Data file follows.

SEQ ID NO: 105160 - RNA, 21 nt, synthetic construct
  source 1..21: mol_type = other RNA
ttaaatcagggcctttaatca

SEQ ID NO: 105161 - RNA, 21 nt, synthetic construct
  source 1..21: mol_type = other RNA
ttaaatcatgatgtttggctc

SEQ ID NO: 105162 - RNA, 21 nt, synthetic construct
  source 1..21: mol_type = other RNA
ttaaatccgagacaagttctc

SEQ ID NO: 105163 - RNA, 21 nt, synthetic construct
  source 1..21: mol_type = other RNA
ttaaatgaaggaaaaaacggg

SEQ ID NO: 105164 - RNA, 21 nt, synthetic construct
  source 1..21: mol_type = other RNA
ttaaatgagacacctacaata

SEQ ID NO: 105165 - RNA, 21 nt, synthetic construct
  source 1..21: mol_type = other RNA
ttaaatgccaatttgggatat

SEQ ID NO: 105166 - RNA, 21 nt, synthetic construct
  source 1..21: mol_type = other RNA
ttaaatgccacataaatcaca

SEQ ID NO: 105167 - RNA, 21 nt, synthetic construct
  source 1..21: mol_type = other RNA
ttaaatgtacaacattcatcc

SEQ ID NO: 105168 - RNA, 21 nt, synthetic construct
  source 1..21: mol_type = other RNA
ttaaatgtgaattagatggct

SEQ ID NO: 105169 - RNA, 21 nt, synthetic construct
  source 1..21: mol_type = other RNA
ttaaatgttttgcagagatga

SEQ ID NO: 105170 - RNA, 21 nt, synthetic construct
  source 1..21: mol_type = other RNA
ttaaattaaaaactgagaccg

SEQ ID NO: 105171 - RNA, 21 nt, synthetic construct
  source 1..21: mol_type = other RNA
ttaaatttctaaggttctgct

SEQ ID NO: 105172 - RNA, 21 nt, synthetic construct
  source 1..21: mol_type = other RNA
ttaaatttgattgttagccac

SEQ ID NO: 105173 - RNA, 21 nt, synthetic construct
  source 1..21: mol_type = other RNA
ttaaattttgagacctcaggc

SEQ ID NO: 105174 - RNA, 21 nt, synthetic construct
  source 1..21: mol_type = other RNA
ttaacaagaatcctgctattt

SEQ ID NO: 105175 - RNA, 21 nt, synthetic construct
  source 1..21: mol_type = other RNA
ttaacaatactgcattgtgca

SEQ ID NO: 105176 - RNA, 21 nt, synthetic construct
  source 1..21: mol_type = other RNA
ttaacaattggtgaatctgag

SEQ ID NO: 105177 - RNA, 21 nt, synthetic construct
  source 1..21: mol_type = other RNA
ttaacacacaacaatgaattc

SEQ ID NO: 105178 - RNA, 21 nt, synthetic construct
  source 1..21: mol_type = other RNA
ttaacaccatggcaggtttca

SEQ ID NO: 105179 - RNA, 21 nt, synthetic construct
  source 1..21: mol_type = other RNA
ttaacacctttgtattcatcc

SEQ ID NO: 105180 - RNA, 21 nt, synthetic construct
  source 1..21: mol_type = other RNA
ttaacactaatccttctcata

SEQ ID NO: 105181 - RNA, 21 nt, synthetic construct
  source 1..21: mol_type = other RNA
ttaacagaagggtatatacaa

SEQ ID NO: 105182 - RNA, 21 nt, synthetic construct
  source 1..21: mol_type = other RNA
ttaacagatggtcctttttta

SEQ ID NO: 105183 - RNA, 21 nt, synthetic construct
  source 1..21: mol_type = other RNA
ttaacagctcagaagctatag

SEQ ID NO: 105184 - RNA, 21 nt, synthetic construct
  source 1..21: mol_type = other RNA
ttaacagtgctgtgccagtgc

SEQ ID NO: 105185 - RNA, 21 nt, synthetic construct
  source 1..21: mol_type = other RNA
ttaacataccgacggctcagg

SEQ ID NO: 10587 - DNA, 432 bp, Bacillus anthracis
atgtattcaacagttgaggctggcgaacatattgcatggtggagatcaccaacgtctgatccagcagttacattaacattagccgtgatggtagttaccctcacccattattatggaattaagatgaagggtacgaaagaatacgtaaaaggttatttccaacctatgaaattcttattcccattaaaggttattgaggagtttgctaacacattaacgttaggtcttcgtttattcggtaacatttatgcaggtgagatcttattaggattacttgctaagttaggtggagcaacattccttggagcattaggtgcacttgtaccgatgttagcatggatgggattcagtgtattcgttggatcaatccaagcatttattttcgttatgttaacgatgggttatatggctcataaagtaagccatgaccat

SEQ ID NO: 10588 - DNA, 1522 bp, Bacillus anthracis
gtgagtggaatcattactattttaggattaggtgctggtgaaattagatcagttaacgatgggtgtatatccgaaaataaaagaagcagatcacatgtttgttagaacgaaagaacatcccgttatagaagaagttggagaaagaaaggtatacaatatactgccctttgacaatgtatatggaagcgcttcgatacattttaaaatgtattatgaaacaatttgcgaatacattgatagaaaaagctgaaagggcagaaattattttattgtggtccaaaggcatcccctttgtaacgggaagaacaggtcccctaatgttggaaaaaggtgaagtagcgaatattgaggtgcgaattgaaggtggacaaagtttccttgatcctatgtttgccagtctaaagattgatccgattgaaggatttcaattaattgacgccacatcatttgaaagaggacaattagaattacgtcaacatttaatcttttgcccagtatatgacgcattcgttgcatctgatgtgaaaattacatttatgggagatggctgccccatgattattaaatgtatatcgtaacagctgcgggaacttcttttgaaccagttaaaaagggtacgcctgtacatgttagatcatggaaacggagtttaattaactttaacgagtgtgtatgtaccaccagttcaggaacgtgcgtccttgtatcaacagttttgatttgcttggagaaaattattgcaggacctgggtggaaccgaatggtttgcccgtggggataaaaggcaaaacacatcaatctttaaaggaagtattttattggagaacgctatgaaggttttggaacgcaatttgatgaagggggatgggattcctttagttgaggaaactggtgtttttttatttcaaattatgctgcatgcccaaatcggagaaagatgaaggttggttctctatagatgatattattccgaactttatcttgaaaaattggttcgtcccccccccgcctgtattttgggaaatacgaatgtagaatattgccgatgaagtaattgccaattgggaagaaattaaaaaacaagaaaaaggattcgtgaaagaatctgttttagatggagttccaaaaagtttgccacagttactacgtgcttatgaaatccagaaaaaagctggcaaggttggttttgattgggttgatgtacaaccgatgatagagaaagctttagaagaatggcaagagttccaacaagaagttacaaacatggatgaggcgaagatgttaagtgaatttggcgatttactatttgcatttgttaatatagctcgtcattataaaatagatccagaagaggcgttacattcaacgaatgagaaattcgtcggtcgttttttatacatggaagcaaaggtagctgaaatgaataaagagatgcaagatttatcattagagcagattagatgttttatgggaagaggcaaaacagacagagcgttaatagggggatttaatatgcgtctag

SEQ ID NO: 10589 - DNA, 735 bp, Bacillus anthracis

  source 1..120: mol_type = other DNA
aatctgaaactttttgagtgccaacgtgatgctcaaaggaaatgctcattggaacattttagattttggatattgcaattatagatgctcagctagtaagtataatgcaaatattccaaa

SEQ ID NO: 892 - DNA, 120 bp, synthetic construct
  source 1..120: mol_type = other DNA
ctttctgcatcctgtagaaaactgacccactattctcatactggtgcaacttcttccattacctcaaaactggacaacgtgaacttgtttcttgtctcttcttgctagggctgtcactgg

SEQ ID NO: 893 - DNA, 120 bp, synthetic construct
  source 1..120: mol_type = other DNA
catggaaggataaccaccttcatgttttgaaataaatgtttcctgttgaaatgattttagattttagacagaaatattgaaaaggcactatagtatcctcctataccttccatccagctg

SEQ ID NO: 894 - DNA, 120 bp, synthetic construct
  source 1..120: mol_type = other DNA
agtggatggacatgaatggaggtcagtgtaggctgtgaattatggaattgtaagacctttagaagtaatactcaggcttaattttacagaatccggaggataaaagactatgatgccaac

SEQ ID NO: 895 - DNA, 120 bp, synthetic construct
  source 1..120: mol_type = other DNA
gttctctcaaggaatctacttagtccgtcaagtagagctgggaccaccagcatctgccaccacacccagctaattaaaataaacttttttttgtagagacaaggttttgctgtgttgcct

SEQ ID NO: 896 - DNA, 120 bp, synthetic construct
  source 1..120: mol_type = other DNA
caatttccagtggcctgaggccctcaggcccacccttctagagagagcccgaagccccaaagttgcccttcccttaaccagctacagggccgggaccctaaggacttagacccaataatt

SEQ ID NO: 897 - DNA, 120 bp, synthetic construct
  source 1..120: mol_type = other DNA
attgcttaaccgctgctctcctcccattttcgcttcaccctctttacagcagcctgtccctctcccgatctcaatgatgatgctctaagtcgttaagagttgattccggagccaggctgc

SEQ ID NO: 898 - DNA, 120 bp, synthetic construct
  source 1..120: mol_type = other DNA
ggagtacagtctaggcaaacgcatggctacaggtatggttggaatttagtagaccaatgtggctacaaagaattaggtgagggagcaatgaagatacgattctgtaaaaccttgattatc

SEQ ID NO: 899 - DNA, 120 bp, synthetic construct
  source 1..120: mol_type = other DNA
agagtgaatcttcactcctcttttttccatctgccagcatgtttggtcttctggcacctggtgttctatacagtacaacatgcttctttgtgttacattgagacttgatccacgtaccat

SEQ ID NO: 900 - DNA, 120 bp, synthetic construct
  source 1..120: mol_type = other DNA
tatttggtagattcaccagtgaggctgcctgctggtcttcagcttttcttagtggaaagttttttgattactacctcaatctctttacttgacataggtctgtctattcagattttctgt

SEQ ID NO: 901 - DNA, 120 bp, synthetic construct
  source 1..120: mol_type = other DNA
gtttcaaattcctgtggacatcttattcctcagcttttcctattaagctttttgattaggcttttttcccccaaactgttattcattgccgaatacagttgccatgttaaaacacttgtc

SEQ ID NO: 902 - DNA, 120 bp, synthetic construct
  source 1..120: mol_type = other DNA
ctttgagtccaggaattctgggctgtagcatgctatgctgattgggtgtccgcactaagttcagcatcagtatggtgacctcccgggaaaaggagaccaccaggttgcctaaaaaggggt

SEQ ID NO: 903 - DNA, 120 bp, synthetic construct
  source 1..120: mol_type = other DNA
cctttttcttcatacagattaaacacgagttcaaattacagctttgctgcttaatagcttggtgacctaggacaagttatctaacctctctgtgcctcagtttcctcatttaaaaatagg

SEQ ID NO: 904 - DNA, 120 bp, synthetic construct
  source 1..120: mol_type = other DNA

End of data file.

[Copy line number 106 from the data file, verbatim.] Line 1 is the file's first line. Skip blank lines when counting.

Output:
ggagtacagtctaggcaaacgcatggctacaggtatggttggaatttagtagaccaatgtggctacaaagaattaggtgagggagcaatgaagatacgattctgtaaaaccttgattatc